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So what use is that Discover-EnvironmentCapabilities.ps1 script anyway?

Posted by Dominic Cronin at Aug 15, 2020 05:57 PM |

Not long ago, I posted a powershell script on Tridion Practice that allows you to connect to a Tridion discovery service and read out the capabilities that are offered by the corresponding content delivery environment. Well that's a pretty good party trick as far as it goes, but hey maybe you already had a pretty good idea of how you've got things set up, so it's kind of a one-trick pony kind of thing eh? Well it turns out that the script is much more useful than just that.

For starters, I'd like to mention that I've recently updated the script so that it also lists the Model service if it's there, mostly because I was interested in querying it directly. When you are building a DXA application, you can always throw the logging into DEBUG to see the service calls, but it's also very handy to be able to do the service calls yourself, without your application in the way. After all, "divide and conquer" is the most ancient debugging technique of all. Isolate your problem to get a better look at it. Still - as many of the APIs are not public and documented, the debug logging is probably your first port of call to figure out how the query ought to look.

Especially if you're dealing with an automatically provisioned system such as SDL's cloud, the only reliable way to get the service urls is to ask the discovery service for them, so when I wanted to query the model service, I'd first need to do that anyway. Actually I first needed to know the localization, so I was starting with the content service. I didn't want to be re-typing URLs, so actually for my first quick-and-dirty, I just copied all the discovery code into my script and hacked in a $capabilities variable to capture all the output from the foreach loop. Something like this:

$capabilities = foreach($capabilityName in $capabilityNames) {
# invoking the discovery service and returning PSObjects

Then I could just follow up with

$contentUri = ($capabilities | ? {$_.Capability -eq 'ContentServiceCapability'}).'Service URI'
$queryUri = ($contentUri -replace '/content.svc','/client/v4/content.svc')  + "/GetPublicationMappingsFunctionImport(Url='$url')"
Invoke-RestMethod -Method Get -Uri $queryUri -Headers @{Authorization=$Authorization}

(You've probably realised by now that if you want to follow along at home, it's probably best to start by visiting the cookbook recipe from the link above and downloading the script.) Anyway - this worked great, and gave me an XML document from which I could dig out the PublicationId. I'd simply used the same $Authorization variable that I'd created to use with the Discovery service, which of course is valid for the other services too. (BTW - if JSON is your poison, just fix up the -Headers parameter to be @{Authorization=$Authorization;Accept='application/json'})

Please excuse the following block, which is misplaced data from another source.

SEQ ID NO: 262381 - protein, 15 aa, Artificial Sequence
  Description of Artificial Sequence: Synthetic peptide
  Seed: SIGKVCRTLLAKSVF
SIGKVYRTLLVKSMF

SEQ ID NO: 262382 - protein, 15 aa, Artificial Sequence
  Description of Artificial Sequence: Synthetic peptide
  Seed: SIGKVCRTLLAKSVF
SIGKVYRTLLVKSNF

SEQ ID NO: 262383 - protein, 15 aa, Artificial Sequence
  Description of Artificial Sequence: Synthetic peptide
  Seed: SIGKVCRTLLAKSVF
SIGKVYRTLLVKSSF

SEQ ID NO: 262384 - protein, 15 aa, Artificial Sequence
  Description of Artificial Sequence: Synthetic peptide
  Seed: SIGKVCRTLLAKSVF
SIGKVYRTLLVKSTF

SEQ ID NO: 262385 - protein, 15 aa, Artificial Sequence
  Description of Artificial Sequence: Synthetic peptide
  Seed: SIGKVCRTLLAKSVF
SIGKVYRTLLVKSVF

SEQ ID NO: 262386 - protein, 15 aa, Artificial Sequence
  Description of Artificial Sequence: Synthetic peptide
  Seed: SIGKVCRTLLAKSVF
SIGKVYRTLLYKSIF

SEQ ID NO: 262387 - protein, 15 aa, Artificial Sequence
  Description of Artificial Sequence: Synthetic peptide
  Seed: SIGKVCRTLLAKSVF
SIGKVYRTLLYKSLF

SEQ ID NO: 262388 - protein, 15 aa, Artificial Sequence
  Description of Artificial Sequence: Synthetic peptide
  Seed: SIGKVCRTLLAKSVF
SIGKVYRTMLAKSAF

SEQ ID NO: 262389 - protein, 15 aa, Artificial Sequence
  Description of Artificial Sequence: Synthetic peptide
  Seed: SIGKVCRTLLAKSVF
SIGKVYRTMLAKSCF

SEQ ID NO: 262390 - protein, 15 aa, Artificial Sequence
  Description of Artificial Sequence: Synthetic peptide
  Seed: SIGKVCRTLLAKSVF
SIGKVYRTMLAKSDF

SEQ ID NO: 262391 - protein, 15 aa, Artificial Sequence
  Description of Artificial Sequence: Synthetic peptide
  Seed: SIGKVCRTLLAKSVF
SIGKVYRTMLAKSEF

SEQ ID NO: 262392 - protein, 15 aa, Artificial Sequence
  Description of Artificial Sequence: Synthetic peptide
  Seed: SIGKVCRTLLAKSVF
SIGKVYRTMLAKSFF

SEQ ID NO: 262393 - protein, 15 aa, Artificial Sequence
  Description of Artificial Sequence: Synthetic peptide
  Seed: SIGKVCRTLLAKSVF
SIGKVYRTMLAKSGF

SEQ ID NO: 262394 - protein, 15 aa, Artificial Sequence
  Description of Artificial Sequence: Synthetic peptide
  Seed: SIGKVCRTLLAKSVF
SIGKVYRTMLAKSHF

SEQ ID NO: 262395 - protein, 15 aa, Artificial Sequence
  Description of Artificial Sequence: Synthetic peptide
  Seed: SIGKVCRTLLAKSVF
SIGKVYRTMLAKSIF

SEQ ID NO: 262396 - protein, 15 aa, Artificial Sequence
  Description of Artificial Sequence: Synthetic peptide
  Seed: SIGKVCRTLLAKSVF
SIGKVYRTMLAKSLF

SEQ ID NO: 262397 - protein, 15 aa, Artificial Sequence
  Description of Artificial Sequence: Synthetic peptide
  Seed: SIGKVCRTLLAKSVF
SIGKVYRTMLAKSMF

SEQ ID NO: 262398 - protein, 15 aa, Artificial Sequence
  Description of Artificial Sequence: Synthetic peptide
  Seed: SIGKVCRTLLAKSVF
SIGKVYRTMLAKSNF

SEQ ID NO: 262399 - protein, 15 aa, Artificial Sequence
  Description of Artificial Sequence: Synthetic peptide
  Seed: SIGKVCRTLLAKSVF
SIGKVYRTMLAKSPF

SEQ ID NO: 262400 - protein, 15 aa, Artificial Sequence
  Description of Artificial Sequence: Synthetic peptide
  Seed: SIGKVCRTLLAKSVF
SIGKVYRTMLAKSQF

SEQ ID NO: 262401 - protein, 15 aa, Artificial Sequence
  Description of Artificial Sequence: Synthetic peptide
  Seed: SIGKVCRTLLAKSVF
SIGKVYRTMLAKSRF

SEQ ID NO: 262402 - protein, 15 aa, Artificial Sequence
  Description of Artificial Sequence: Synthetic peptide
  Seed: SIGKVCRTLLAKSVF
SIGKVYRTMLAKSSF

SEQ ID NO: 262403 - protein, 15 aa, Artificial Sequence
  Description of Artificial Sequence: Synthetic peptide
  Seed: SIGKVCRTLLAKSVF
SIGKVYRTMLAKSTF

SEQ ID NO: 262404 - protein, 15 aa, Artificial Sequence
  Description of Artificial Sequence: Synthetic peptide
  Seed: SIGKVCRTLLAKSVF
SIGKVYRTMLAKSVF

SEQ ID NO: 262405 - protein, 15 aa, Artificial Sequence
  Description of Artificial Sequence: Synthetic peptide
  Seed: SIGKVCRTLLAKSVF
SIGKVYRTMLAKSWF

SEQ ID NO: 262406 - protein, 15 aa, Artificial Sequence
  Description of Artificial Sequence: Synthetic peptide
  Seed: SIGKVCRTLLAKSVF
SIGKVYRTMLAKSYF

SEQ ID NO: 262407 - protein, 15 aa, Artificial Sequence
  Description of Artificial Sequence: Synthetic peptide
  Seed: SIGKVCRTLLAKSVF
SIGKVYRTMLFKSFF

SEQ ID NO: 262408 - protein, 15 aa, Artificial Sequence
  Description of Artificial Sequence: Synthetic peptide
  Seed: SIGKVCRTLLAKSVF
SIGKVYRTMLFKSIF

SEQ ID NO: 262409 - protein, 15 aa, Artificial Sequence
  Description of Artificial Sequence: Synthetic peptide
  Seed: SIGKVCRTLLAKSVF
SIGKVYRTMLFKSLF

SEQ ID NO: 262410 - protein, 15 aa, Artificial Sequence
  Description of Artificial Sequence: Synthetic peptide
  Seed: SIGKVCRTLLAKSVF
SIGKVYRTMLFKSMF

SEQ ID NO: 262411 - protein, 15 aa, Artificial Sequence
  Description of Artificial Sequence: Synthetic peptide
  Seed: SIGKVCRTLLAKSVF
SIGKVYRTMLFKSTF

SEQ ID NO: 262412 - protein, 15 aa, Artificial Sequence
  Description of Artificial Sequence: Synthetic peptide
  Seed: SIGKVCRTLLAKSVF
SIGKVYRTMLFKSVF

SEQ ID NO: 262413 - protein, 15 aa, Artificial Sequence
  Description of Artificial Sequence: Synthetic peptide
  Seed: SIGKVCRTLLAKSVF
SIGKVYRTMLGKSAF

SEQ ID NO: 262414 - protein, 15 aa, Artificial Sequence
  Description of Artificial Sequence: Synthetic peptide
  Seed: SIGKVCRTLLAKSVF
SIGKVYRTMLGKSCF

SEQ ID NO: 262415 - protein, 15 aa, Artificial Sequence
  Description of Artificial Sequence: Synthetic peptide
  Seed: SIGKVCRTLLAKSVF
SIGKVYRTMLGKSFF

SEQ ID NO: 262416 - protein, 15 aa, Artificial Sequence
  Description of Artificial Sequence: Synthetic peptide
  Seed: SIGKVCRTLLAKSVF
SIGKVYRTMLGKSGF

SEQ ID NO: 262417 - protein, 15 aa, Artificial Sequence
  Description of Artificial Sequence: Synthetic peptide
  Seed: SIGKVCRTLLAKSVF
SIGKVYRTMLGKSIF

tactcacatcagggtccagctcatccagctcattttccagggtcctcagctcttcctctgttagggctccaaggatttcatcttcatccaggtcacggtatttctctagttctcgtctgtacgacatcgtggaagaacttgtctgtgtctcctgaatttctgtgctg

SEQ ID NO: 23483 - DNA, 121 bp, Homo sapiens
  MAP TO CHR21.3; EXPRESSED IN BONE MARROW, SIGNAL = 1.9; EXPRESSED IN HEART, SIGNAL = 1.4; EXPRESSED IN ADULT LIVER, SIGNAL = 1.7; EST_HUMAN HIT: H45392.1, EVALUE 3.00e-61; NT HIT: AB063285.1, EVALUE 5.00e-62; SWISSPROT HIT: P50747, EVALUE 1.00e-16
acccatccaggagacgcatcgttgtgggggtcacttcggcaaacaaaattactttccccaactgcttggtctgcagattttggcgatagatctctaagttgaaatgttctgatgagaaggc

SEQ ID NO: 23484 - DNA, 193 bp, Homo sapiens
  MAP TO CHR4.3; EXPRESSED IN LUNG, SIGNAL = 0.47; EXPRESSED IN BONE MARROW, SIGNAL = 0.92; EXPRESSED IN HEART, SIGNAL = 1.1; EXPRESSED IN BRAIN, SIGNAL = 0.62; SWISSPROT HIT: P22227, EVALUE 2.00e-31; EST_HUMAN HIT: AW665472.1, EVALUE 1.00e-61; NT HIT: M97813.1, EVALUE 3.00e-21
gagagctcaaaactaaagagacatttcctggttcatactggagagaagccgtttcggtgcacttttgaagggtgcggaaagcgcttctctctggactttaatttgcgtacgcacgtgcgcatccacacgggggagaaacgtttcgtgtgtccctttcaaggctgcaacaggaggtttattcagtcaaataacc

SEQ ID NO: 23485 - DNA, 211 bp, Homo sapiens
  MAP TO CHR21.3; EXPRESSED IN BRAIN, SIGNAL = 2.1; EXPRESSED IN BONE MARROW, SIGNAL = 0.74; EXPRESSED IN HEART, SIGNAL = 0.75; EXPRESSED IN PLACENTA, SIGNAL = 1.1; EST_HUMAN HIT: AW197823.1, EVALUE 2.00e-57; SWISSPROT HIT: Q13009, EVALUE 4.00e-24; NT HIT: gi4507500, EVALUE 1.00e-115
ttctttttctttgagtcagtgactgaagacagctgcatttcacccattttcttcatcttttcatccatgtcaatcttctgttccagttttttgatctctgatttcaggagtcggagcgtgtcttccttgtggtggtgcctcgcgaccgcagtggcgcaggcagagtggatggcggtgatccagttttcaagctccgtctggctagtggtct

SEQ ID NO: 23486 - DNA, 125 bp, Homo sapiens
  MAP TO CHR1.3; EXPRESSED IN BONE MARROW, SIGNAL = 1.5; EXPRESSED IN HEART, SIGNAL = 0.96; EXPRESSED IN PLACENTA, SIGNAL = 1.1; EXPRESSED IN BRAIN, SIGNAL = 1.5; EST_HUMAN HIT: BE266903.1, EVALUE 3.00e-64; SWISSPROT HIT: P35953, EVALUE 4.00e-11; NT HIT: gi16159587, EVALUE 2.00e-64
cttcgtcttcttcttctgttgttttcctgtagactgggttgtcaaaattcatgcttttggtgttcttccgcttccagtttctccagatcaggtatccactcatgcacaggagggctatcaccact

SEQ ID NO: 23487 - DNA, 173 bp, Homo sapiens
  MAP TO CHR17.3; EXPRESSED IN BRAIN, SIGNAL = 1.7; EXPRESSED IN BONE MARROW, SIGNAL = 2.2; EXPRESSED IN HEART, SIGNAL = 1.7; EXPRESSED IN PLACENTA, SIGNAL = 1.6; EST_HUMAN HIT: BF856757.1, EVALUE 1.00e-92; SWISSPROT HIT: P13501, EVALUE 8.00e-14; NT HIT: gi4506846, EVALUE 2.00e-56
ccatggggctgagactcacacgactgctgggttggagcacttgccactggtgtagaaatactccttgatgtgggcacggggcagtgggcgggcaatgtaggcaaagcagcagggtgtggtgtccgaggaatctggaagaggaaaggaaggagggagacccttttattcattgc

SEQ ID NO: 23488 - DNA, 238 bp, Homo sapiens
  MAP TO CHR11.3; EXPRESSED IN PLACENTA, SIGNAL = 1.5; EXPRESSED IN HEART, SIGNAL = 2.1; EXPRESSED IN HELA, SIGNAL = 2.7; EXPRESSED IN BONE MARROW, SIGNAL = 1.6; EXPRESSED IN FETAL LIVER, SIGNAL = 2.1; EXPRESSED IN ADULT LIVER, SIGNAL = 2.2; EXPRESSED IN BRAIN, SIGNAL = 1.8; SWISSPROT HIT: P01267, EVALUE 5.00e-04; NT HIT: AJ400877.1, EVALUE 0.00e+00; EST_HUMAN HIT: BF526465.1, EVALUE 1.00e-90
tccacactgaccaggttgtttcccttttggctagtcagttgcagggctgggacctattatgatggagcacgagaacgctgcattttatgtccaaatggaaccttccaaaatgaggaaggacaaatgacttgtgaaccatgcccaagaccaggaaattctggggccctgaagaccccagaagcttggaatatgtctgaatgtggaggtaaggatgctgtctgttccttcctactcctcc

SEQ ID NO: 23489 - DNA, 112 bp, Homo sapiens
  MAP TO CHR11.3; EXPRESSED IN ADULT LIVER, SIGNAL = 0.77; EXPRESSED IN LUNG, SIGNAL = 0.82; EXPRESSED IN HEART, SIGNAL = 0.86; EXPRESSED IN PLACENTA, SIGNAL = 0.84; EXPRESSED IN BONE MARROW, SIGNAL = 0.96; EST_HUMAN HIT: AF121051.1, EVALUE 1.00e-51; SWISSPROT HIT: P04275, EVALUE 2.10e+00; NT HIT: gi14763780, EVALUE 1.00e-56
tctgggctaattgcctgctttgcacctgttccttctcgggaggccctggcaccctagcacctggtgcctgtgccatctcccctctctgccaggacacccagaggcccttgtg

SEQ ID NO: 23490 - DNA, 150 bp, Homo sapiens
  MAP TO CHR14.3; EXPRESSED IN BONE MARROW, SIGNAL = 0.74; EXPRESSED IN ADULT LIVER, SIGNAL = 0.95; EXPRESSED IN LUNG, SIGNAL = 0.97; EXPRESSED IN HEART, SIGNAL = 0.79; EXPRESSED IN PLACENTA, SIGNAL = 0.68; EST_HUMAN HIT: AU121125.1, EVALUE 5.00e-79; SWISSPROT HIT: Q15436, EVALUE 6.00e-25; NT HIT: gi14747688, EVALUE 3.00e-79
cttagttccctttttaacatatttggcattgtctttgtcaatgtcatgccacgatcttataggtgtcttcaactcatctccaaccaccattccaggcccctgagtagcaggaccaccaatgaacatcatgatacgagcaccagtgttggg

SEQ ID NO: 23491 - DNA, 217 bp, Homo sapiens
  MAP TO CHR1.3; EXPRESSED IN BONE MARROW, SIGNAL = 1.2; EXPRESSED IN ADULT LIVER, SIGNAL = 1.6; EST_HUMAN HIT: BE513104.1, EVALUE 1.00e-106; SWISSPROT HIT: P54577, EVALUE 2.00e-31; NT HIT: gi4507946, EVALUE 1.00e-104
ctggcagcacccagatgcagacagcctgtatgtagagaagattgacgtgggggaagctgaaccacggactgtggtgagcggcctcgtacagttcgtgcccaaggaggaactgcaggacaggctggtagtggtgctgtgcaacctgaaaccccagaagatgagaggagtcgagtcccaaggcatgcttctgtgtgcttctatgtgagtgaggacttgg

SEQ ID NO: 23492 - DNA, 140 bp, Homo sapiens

Now I was ready to call the Model service, but the thought of yet another script that copied in the discovery code was starting to make me feel a bit itchy around the DRY principle. I mean... no need to be a fanatic, but enough is enough, eh? So then I realised I didn't have to copy it. All I needed was to "dot source" the existing script. I had the discovery script in the same folder, so my entire script ended up being 4 lines:

$capabilities = . .\Discover-EnvironmentCapabilities.ps1
$modelUri = ($capabilities | ? {$_.Capability -eq 'ModelServiceCapability'}).'Service URI'

$queryUri = $modelUri + "/PageModel/tcm/309/nl/blah/foo/index?includes=INCLUDE"
Invoke-RestMethod -Method Get -Uri $queryUri -Headers @{Authorization=$Authorization}

"Dot sourcing" in powershell (and also in some other shells) means using the dot operator to execute another script in your current context. The dot operator is the first of the two dots on the right hand side of the $capabilities assignment. This meant that not only did I manage to populate $capabilities with the return value of the script (a list of PSObjects describing capabilities) but any variables that were assigned in the discovery script were now also available for use locally. This meant that I could just use  $Authorization and thereby avoid having to do all the tedious OAuth wrangling again.

So while the architectural purist in me is quietly cursing, spitting and mumbling about dependencies and side effects, my inner scripting hacker is bouncing around with glee. This is great! Re-use FTW!!! (Yes, yes, I should probably factor out the OAuth stuff too, some day, maybe...)

Anyway - this is just too handy not to share. Hope you all enjoy it.